Beginning of the trial of the terrorist attacks in Paris |

Paris (AP) – The air is charged with tension and the memory of the night of terror of six years ago is at hand when Salah Abdeslam speaks in the Parisian courtroom.

He is considered one of the main perpetrators and the sole survivor of the terrorist squad that killed 130 people, injured 350 and traumatized the whole country in a series of Islamist attacks in the French capital. In his first words at the start of the trial on Wednesday at the Paris courthouse, when it comes to his personal details, he admits to being a fighter in the terrorist Islamic State (IS) militia. This is his job.

Surrounded by police officers and behind armored glass, he can no longer cause physical damage. He doesn’t seem to want to cooperate, is stubborn and refuses simple information about his parents. However, he cannot upset the court with this.

Security measures, already enormous in France due to terrorist threats, have been reopened for the “Bataclan” process. Nearly 1,000 police officers secure the proceedings, the courthouse is cordoned off and surrounded by special forces. The state is showing strength.

The image in the interior is completely different. The light-wood conference room with white benches exudes an almost sterile calm. It was specially prepared for the event entitled “Trial of the Century” in the French press. There are a total of 550 people, and at the start of the trial, a large part of the room was occupied by the lawyers’ black robes. Relatives and those affected can find psychological support in the room itself and at the courthouse. Transmission rooms have also been created for those who do not wish to be in the negotiation room or who cannot find more room.

130 people shot dead and 350 others injured

During the series of attacks of November 13, 2015, extremists shot dead 130 people and injured 350 others in the “Bataclan” concert hall as well as in bars and restaurants. That same evening, three suicide bombers blew themselves up during an international football match between Germany and France at the Stade de France. ISIS claimed responsibility for itself.

20 suspects are now indicted in the trial for the attacks. Abdeslam (31) is the center of attention. 13 other defendants are accused of supporting the terrorist unit. They would have obtained papers, driven Abdeslam out of the country or, in two cases, prevented the bombers.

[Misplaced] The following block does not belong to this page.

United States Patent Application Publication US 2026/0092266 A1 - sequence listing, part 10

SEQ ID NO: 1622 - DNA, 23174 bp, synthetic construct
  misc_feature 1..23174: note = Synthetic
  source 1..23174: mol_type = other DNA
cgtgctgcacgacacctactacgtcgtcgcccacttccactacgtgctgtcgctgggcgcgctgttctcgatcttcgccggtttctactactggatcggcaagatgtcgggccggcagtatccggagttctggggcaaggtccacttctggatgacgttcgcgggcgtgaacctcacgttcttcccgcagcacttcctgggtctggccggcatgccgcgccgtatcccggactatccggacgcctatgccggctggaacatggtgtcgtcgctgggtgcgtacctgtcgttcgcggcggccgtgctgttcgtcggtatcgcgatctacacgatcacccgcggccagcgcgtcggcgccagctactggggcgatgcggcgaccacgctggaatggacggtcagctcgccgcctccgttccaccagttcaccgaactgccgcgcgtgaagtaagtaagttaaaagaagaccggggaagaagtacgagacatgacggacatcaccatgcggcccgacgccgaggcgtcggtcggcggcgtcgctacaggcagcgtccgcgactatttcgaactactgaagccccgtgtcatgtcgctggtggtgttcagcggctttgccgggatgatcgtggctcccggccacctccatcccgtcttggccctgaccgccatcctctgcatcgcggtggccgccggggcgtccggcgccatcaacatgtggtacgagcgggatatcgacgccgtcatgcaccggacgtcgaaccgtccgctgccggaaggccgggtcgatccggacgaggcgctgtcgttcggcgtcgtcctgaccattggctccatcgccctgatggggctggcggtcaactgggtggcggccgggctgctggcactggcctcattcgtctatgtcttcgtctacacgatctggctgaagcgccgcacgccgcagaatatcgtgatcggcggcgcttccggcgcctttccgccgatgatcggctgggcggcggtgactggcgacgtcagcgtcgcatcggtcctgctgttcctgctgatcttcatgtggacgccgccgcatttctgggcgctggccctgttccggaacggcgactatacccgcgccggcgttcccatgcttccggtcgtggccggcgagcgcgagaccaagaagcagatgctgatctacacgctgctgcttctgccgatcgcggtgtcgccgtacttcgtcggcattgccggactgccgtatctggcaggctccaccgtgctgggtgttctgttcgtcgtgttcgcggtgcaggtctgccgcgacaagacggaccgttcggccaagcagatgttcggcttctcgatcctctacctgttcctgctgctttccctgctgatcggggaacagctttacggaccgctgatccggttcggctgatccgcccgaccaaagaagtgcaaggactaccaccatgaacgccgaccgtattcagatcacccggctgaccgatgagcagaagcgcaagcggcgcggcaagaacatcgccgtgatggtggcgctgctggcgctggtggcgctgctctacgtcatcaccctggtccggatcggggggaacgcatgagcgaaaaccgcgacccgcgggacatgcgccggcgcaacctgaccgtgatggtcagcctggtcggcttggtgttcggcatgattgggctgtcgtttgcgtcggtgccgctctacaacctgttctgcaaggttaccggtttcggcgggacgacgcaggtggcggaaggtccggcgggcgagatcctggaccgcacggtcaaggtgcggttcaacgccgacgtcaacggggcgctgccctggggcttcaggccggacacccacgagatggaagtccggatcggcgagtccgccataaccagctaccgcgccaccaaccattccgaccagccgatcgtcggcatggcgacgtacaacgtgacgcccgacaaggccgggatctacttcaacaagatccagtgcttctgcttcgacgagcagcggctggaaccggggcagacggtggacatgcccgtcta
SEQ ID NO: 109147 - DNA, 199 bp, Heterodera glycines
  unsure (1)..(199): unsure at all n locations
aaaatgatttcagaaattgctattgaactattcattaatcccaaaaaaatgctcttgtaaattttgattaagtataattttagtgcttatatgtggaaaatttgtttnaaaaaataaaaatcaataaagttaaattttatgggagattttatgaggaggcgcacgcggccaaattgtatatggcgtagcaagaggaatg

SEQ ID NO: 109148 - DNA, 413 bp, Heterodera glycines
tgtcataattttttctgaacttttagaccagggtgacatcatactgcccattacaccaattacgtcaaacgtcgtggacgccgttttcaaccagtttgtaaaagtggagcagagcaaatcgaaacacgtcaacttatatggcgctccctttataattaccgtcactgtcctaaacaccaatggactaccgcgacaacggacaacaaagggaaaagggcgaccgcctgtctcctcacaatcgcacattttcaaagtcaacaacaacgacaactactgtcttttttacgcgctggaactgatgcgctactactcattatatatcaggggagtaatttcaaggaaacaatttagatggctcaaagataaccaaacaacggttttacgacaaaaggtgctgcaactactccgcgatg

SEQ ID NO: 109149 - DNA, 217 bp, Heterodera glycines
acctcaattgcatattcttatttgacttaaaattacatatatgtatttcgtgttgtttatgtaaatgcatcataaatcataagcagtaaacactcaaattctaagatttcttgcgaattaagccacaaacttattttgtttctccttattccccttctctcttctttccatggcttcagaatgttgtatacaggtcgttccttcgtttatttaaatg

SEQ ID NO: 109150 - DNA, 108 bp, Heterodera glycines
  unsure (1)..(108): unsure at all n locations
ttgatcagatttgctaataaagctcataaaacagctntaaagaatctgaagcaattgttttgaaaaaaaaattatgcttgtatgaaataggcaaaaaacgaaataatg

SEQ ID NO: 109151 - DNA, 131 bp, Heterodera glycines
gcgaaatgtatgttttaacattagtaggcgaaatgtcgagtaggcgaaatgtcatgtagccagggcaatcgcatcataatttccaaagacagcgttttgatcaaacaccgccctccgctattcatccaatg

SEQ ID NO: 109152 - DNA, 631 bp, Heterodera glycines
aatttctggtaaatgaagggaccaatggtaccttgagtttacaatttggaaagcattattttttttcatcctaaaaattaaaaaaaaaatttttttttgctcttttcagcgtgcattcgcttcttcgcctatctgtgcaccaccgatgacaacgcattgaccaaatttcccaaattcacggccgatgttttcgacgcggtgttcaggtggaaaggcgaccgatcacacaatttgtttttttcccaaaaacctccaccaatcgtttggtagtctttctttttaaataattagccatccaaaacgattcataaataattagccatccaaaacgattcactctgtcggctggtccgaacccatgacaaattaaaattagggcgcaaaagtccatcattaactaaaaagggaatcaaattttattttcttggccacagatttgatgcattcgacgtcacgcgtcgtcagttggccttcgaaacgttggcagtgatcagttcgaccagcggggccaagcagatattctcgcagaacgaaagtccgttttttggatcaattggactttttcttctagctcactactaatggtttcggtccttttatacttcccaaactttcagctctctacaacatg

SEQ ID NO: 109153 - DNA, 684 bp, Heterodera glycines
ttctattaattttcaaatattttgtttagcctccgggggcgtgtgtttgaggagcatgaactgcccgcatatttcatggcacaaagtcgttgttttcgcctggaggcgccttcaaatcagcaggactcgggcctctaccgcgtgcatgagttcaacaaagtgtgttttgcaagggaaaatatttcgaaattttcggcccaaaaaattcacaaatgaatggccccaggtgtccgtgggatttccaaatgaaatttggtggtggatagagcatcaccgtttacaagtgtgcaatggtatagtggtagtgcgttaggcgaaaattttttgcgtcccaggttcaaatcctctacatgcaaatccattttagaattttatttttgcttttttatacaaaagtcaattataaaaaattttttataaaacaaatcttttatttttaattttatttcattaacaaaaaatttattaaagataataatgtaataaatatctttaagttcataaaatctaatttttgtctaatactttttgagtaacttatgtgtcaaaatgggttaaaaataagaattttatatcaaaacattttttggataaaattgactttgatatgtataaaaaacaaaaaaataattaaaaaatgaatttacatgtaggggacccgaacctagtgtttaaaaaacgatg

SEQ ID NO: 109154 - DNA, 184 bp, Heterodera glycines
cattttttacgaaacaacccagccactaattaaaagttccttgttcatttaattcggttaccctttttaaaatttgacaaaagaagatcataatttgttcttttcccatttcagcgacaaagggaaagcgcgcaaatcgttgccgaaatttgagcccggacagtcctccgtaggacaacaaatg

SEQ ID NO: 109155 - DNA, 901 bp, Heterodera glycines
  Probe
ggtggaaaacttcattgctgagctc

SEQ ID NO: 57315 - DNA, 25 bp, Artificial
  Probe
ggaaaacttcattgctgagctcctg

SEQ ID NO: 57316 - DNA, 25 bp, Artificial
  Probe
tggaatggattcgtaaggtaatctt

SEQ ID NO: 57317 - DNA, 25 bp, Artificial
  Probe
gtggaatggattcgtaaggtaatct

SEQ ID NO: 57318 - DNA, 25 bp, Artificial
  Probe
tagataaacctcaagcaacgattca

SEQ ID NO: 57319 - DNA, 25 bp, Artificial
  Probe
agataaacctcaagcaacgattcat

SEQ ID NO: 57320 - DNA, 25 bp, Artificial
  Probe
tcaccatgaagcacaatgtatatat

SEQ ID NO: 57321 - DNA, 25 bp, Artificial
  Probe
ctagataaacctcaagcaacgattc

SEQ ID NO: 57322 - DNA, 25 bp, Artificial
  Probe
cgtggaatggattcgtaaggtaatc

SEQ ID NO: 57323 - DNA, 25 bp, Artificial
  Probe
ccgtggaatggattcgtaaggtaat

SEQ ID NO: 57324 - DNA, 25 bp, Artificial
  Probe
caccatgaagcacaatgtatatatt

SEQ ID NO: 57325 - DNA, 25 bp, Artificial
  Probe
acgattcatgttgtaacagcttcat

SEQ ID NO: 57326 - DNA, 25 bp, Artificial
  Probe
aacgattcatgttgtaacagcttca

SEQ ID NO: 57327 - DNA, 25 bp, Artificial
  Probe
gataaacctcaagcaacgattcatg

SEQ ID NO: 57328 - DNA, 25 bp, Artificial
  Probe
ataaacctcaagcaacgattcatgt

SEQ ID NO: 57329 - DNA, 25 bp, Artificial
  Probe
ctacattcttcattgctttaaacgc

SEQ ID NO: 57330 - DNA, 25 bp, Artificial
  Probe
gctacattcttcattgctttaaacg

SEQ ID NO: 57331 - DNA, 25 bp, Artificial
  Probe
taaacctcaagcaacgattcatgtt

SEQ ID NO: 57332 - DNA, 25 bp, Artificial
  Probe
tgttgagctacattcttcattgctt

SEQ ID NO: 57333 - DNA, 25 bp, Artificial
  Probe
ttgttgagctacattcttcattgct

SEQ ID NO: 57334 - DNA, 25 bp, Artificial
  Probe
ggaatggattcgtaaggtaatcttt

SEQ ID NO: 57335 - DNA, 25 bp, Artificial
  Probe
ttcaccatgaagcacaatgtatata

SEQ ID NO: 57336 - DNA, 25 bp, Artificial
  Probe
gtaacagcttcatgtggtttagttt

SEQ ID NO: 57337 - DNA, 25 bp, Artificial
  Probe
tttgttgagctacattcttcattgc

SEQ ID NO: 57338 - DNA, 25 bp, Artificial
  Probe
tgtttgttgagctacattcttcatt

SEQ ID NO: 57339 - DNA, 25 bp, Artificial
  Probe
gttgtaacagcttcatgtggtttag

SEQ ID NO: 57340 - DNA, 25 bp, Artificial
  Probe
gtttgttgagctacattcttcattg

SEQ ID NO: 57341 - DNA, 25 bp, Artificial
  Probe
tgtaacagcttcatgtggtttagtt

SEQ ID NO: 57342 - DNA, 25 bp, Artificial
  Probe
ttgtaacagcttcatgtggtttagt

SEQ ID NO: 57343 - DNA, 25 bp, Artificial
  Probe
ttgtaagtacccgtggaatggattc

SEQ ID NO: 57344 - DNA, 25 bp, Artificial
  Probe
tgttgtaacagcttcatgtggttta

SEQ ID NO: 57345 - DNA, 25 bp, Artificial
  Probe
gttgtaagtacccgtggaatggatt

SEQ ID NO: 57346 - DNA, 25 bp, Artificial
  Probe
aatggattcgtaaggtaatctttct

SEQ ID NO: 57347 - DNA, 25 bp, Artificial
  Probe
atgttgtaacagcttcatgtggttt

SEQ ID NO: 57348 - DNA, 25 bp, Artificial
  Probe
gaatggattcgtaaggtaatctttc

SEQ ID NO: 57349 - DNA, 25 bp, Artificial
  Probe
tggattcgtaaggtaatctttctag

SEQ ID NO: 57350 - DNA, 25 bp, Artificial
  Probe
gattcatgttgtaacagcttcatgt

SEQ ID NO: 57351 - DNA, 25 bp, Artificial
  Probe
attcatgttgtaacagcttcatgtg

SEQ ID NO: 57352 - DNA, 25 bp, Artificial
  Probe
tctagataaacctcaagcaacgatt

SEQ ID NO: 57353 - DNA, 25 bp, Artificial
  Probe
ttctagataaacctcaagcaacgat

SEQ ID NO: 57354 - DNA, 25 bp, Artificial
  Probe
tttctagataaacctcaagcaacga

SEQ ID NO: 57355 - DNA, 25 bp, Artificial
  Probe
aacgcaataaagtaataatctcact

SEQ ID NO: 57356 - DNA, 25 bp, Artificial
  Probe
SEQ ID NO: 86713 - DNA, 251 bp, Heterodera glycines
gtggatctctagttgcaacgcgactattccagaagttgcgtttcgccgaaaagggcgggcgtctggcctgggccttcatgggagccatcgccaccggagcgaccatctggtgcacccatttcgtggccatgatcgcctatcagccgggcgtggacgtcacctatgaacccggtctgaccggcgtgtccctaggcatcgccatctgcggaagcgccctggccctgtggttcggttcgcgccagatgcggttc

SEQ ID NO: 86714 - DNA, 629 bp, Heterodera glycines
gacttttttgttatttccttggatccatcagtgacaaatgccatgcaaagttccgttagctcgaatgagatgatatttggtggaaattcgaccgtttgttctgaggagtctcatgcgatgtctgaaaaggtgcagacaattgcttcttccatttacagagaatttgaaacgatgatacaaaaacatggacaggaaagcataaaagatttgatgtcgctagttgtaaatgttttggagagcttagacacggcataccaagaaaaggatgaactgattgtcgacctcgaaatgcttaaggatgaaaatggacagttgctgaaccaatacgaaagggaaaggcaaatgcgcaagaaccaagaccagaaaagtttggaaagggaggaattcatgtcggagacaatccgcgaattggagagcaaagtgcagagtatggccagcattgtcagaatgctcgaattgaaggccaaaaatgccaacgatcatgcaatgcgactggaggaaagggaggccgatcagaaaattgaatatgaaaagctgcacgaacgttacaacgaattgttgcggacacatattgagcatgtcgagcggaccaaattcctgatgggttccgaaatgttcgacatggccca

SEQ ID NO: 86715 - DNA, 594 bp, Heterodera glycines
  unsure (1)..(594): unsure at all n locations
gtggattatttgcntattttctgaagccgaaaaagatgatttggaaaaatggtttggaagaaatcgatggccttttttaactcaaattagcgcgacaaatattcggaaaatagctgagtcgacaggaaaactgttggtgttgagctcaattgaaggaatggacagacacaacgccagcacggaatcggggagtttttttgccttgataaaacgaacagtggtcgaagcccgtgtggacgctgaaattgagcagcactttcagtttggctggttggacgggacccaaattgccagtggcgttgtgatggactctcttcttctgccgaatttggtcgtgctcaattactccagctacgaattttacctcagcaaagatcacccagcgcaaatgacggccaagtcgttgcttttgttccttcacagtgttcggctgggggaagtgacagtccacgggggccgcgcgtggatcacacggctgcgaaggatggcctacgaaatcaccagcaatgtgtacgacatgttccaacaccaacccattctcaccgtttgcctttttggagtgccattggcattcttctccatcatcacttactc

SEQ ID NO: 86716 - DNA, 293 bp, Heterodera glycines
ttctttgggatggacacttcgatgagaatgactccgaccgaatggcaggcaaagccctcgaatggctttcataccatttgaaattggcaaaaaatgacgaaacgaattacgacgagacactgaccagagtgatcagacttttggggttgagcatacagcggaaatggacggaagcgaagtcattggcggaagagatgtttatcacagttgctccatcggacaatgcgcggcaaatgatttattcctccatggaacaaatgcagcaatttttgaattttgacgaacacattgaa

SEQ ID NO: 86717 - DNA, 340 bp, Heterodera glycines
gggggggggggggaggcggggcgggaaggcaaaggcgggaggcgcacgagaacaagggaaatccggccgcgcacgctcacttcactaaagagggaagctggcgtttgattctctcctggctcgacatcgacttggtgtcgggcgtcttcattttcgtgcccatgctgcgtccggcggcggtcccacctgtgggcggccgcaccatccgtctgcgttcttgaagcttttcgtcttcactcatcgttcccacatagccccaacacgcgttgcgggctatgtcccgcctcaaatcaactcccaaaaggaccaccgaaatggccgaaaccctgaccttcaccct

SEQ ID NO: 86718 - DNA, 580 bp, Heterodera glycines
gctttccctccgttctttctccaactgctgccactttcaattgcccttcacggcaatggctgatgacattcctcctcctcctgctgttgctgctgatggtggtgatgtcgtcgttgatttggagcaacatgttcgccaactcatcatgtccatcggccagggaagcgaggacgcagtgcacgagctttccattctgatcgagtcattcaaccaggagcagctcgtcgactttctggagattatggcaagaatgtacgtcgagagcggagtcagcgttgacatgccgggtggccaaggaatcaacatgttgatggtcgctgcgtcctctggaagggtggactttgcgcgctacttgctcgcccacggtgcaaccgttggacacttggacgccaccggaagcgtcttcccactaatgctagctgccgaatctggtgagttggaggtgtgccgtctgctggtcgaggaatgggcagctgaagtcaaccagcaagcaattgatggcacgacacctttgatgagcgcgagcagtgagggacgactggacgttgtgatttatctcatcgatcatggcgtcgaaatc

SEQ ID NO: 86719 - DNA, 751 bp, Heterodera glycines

Six other defendants are tried in absentia. Five of them are said to have died in Syria in the meantime, and one is imprisoned in Turkey for terrorism. The majority of the defendants face 20 years or more in prison as part of the trial, which is due to run until May 2022. Abdeslam was sentenced to 20 years in prison in Belgium for shooting at police shortly before his arrest.

The process has been one of the most important topics of conversation in France for days. Many survivors recounted the barely comprehensible horror they experienced and their difficult search for a life after it.

Gaëlle (39), for example, explained to the newspaper “Le Parisien” how she was lying on the ground in the “Bataclan”, hit by Kalashnikov bullets in the arm and face. “It took a while, I started hallucinating as my consciousness faded. I saw my son in front of me who said: Mom, you have to get up. I didn’t want him to lose me. I had only one worry: that everything would explode. ”Finally, a policeman took her out of the lobby and she first lay on the floor of a restaurant with other seriously injured people. took 40 operations to reconstruct half of her face which had been shattered to date – her friend Mathieu, who had accompanied her, never came out of the room alive.

Yolande Meaud lost in the night of terror her twins Charlotte and Emilie, both aged 29, shot dead on the terrace of the “Carillon” café. “I want the hidden truths to be revealed and find out if there are any weaknesses in the structures of the state. I assume it ”, she declared at the beginning of the procedure to the broadcaster France Bleu. “The process is one thing, but of course it’s not the end of the pain you feel.” She thinks of her daughters once a year when she goes to the terrace of the cafe where they died.

In particular in view of the enormous suffering suffered by the people concerned, the president of the tribunal Jean-Louis Périès speaks at the start of an extraordinary and historic trial. The setting alone is impressive. The process, intensively prepared for months, brings together more than 1,700 co-complainants. The first two days of the trial are therefore devoted to reading their names. Later, around 300 victims and their relatives are supposed to recount their experiences, and then French President François Hollande is among hundreds of witnesses invited. Despite the huge numbers, the process will only partially heal the wounds that terrorism has left in the soul of France.

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